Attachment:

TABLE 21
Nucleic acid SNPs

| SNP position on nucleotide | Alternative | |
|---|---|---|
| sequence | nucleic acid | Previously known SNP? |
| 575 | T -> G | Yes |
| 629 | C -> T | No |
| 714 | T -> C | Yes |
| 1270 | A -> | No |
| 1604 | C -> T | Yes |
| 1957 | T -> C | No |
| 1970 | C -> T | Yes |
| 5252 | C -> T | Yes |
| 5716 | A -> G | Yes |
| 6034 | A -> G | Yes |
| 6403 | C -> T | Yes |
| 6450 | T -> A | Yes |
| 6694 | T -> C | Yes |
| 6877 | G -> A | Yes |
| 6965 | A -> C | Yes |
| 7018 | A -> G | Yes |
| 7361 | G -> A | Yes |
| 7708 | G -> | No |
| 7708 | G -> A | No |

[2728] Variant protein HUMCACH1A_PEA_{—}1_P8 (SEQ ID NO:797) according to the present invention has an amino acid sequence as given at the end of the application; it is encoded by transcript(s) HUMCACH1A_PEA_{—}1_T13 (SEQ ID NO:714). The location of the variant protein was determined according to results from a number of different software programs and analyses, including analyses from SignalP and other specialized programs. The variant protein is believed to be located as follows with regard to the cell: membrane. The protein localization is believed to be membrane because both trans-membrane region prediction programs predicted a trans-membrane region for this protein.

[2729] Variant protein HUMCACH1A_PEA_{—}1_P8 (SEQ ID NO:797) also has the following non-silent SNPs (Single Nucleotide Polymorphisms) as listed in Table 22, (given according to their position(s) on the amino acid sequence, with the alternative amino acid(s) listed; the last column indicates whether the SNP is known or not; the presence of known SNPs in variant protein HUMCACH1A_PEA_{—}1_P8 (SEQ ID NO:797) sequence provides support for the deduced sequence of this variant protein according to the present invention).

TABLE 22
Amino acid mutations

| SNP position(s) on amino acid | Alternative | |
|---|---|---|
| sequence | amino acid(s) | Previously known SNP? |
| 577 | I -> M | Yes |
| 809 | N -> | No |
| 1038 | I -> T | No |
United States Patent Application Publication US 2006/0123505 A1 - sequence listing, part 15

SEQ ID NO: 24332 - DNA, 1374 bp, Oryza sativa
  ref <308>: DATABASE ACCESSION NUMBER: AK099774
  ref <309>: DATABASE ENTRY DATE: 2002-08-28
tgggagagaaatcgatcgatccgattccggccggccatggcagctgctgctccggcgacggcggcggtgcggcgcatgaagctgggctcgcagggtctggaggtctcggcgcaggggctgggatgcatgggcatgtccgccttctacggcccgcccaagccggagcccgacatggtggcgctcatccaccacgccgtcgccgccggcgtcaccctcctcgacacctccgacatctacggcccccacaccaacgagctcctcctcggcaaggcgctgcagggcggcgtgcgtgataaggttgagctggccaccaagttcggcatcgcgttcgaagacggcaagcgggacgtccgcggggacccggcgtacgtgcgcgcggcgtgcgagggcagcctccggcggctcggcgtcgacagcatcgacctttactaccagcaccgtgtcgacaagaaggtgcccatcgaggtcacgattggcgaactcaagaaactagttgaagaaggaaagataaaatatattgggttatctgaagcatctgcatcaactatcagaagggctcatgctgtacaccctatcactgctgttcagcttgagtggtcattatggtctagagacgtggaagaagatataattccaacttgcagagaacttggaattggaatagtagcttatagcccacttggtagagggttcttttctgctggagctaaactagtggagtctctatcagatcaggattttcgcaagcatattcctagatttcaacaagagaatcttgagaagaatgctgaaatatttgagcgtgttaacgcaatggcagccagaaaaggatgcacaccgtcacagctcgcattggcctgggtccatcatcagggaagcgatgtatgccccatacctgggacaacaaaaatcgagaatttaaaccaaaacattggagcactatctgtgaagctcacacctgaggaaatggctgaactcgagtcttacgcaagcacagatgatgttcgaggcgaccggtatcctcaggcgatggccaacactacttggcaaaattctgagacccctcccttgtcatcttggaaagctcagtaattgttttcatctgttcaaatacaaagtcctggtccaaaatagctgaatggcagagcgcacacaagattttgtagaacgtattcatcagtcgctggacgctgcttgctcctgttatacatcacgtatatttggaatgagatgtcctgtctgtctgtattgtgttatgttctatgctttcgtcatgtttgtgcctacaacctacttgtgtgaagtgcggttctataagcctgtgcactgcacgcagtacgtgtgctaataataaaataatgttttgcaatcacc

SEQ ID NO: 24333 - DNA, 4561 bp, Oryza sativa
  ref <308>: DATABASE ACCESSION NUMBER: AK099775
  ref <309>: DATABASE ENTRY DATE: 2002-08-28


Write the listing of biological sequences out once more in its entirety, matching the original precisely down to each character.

TABLE 21
Nucleic acid SNPs

| SNP position on nucleotide | Alternative | |
|---|---|---|
| sequence | nucleic acid | Previously known SNP? |
| 575 | T -> G | Yes |
| 629 | C -> T | No |
| 714 | T -> C | Yes |
| 1270 | A -> | No |
| 1604 | C -> T | Yes |
| 1957 | T -> C | No |
| 1970 | C -> T | Yes |
| 5252 | C -> T | Yes |
| 5716 | A -> G | Yes |
| 6034 | A -> G | Yes |
| 6403 | C -> T | Yes |
| 6450 | T -> A | Yes |
| 6694 | T -> C | Yes |
| 6877 | G -> A | Yes |
| 6965 | A -> C | Yes |
| 7018 | A -> G | Yes |
| 7361 | G -> A | Yes |
| 7708 | G -> | No |
| 7708 | G -> A | No |

[2728] Variant protein HUMCACH1A_PEA_{—}1_P8 (SEQ ID NO:797) according to the present invention has an amino acid sequence as given at the end of the application; it is encoded by transcript(s) HUMCACH1A_PEA_{—}1_T13 (SEQ ID NO:714). The location of the variant protein was determined according to results from a number of different software programs and analyses, including analyses from SignalP and other specialized programs. The variant protein is believed to be located as follows with regard to the cell: membrane. The protein localization is believed to be membrane because both trans-membrane region prediction programs predicted a trans-membrane region for this protein.

[2729] Variant protein HUMCACH1A_PEA_{—}1_P8 (SEQ ID NO:797) also has the following non-silent SNPs (Single Nucleotide Polymorphisms) as listed in Table 22, (given according to their position(s) on the amino acid sequence, with the alternative amino acid(s) listed; the last column indicates whether the SNP is known or not; the presence of known SNPs in variant protein HUMCACH1A_PEA_{—}1_P8 (SEQ ID NO:797) sequence provides support for the deduced sequence of this variant protein according to the present invention).

TABLE 22
Amino acid mutations

| SNP position(s) on amino acid | Alternative | |
|---|---|---|
| sequence | amino acid(s) | Previously known SNP? |
| 577 | I -> M | Yes |
| 809 | N -> | No |
| 1038 | I -> T | No |
United States Patent Application Publication US 2006/0123505 A1 - sequence listing, part 15

SEQ ID NO: 24332 - DNA, 1374 bp, Oryza sativa
  ref <308>: DATABASE ACCESSION NUMBER: AK099774
  ref <309>: DATABASE ENTRY DATE: 2002-08-28
tgggagagaaatcgatcgatccgattccggccggccatggcagctgctgctccggcgacggcggcggtgcggcgcatgaagctgggctcgcagggtctggaggtctcggcgcaggggctgggatgcatgggcatgtccgccttctacggcccgcccaagccggagcccgacatggtggcgctcatccaccacgccgtcgccgccggcgtcaccctcctcgacacctccgacatctacggcccccacaccaacgagctcctcctcggcaaggcgctgcagggcggcgtgcgtgataaggttgagctggccaccaagttcggcatcgcgttcgaagacggcaagcgggacgtccgcggggacccggcgtacgtgcgcgcggcgtgcgagggcagcctccggcggctcggcgtcgacagcatcgacctttactaccagcaccgtgtcgacaagaaggtgcccatcgaggtcacgattggcgaactcaagaaactagttgaagaaggaaagataaaatatattgggttatctgaagcatctgcatcaactatcagaagggctcatgctgtacaccctatcactgctgttcagcttgagtggtcattatggtctagagacgtggaagaagatataattccaacttgcagagaacttggaattggaatagtagcttatagcccacttggtagagggttcttttctgctggagctaaactagtggagtctctatcagatcaggattttcgcaagcatattcctagatttcaacaagagaatcttgagaagaatgctgaaatatttgagcgtgttaacgcaatggcagccagaaaaggatgcacaccgtcacagctcgcattggcctgggtccatcatcagggaagcgatgtatgccccatacctgggacaacaaaaatcgagaatttaaaccaaaacattggagcactatctgtgaagctcacacctgaggaaatggctgaactcgagtcttacgcaagcacagatgatgttcgaggcgaccggtatcctcaggcgatggccaacactacttggcaaaattctgagacccctcccttgtcatcttggaaagctcagtaattgttttcatctgttcaaatacaaagtcctggtccaaaatagctgaatggcagagcgcacacaagattttgtagaacgtattcatcagtcgctggacgctgcttgctcctgttatacatcacgtatatttggaatgagatgtcctgtctgtctgtattgtgttatgttctatgctttcgtcatgtttgtgcctacaacctacttgtgtgaagtgcggttctataagcctgtgcactgcacgcagtacgtgtgctaataataaaataatgttttgcaatcacc

SEQ ID NO: 24333 - DNA, 4561 bp, Oryza sativa
  ref <308>: DATABASE ACCESSION NUMBER: AK099775
  ref <309>: DATABASE ENTRY DATE: 2002-08-28